Magnetic Resonance Imaging in Acute Hamstring Injury: Can We Provide a Return to Play Prognosis?
Gustaaf Reurink, Elisabeth G Brilman, Robert-Jan de Vos, Mario Maas, Maarten H Moen, Adam Weir, Gert Jan Goudswaard, Johannes L Tol
Sports Medicine 2014 August 15
BACKGROUND: Sports physicians are increasingly requested to perform magnetic resonance imaging (MRI) of acute hamstring muscle injuries and to provide a prognosis of the time to return to play (RTP) on the basis of their findings.
OBJECTIVES: To systematically review the literature on the prognostic value of MRI findings for time to RTP in acute hamstring muscle injuries.
DATA SOURCES: The databases of PubMed, EMBASE, CINAHL, Web of Science and Cochrane Library were searched in June 2013.
STUDY ELIGIBILITY CRITERIA: Studies evaluating MRI as a prognostic tool for determining time to RTP in athletes with acute hamstring injuries were eligible for inclusion.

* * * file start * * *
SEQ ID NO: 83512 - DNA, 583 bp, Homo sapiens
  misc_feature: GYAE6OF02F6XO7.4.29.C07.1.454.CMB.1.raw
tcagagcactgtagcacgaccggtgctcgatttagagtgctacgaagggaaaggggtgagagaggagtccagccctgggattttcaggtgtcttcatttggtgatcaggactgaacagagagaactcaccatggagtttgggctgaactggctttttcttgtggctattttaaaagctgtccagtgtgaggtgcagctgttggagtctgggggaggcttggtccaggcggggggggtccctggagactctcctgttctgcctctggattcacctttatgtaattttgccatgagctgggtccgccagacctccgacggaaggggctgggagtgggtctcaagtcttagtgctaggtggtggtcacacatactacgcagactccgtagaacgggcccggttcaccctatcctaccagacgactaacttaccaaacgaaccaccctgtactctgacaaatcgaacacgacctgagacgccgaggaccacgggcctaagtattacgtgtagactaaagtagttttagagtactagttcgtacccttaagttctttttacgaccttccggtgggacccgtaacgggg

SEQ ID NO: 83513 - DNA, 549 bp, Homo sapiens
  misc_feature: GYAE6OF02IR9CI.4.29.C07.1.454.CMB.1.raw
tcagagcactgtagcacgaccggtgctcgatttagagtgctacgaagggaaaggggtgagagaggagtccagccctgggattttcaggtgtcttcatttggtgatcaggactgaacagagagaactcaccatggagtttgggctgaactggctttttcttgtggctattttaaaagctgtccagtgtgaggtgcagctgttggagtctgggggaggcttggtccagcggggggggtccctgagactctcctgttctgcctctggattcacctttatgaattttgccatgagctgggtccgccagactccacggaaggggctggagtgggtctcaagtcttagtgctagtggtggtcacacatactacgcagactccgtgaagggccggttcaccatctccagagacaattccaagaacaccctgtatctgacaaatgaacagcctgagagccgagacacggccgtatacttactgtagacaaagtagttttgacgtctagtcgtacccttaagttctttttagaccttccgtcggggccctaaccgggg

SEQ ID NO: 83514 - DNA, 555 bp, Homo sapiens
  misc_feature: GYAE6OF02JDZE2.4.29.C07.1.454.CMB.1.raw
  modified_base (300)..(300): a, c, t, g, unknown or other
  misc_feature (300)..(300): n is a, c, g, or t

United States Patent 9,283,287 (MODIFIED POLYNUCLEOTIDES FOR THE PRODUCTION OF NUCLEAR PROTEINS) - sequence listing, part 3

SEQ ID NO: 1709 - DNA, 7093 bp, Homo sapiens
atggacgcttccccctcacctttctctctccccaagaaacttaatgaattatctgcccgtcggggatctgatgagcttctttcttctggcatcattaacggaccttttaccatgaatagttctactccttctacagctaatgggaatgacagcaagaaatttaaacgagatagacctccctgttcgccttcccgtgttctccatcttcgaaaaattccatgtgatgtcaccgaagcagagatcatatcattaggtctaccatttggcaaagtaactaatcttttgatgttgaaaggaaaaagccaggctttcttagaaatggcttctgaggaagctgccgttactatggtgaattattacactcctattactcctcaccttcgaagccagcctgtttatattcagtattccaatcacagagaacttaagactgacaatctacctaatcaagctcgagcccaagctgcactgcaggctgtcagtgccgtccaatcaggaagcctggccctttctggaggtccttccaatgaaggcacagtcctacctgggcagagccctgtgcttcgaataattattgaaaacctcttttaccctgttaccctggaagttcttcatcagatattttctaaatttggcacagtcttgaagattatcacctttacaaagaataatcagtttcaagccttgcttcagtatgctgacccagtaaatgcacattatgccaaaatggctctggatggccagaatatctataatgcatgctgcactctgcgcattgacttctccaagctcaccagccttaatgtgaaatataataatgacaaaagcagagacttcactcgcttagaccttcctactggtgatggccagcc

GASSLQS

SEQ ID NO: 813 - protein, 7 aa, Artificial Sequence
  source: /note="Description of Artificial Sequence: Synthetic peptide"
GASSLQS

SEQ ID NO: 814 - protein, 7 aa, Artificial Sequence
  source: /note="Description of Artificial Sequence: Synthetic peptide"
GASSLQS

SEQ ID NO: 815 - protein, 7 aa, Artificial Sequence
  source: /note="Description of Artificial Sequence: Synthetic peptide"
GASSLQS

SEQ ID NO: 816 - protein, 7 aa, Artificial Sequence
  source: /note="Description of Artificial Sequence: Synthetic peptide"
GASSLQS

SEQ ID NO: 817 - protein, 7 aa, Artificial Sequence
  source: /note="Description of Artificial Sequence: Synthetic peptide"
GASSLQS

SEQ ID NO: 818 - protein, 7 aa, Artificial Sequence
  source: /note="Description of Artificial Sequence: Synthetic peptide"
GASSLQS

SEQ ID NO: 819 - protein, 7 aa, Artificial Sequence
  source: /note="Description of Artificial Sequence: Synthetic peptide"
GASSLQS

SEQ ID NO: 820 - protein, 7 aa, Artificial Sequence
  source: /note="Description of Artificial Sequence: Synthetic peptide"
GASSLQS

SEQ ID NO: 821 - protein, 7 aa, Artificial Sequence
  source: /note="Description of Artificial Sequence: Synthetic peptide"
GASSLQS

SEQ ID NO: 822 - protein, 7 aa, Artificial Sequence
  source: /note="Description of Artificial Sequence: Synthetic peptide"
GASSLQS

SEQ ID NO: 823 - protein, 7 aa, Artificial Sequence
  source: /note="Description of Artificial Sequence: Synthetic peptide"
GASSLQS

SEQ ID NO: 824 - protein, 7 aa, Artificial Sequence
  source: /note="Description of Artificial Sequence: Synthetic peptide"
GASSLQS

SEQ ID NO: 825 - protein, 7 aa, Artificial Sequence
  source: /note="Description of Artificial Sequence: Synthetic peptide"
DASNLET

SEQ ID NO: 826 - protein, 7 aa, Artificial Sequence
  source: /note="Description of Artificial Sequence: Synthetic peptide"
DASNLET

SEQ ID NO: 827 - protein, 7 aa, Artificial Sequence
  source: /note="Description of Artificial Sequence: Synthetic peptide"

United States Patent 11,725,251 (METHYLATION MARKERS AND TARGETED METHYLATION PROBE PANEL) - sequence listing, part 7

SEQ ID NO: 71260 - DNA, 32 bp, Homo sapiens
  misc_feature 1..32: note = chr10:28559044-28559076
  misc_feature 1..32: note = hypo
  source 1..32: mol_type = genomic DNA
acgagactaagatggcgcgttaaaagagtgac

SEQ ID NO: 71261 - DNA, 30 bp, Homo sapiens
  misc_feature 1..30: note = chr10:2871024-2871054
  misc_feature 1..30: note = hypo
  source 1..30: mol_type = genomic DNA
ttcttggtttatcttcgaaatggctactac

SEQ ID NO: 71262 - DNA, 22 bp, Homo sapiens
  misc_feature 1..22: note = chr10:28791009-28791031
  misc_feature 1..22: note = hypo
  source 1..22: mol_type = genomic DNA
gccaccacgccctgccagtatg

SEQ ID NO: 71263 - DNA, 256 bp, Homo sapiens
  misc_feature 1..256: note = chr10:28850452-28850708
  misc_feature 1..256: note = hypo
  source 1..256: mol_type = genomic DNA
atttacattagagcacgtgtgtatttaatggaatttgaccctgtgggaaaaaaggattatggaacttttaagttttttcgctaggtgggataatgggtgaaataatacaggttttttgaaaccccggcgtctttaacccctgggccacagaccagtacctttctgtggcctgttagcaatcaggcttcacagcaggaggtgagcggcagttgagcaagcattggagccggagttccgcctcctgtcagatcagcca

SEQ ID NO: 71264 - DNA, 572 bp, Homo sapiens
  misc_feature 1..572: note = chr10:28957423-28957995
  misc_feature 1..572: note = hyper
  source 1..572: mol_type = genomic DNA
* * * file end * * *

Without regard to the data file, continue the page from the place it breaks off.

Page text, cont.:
DATA ANALYSIS: Two authors independently screened the search results and assessed risk of bias using criteria for quality appraisal of prognosis studies. A best-evidence synthesis was used to identify the level of evidence.
RESULTS: Of the 12 studies included, one had a low risk of bias and 11 a high risk of bias. There is moderate evidence that injuries without hyperintensity on fluid-sensitive sequences are associated with a shorter time to RTP and that injuries involving the proximal free tendon are associated with a longer time to RTP. Limited evidence was found for an association of central tendon disruption, injury not affecting the musculotendinous junction and a total rupture with a longer time to RTP. The other MRI findings studied showed either no association or there was conflicting evidence.
CONCLUSION: There is currently no strong evidence for any MRI finding that gives a prognosis on the time to RTP after an acute hamstring injury, owing to considerable risks of bias in the studies on this topic.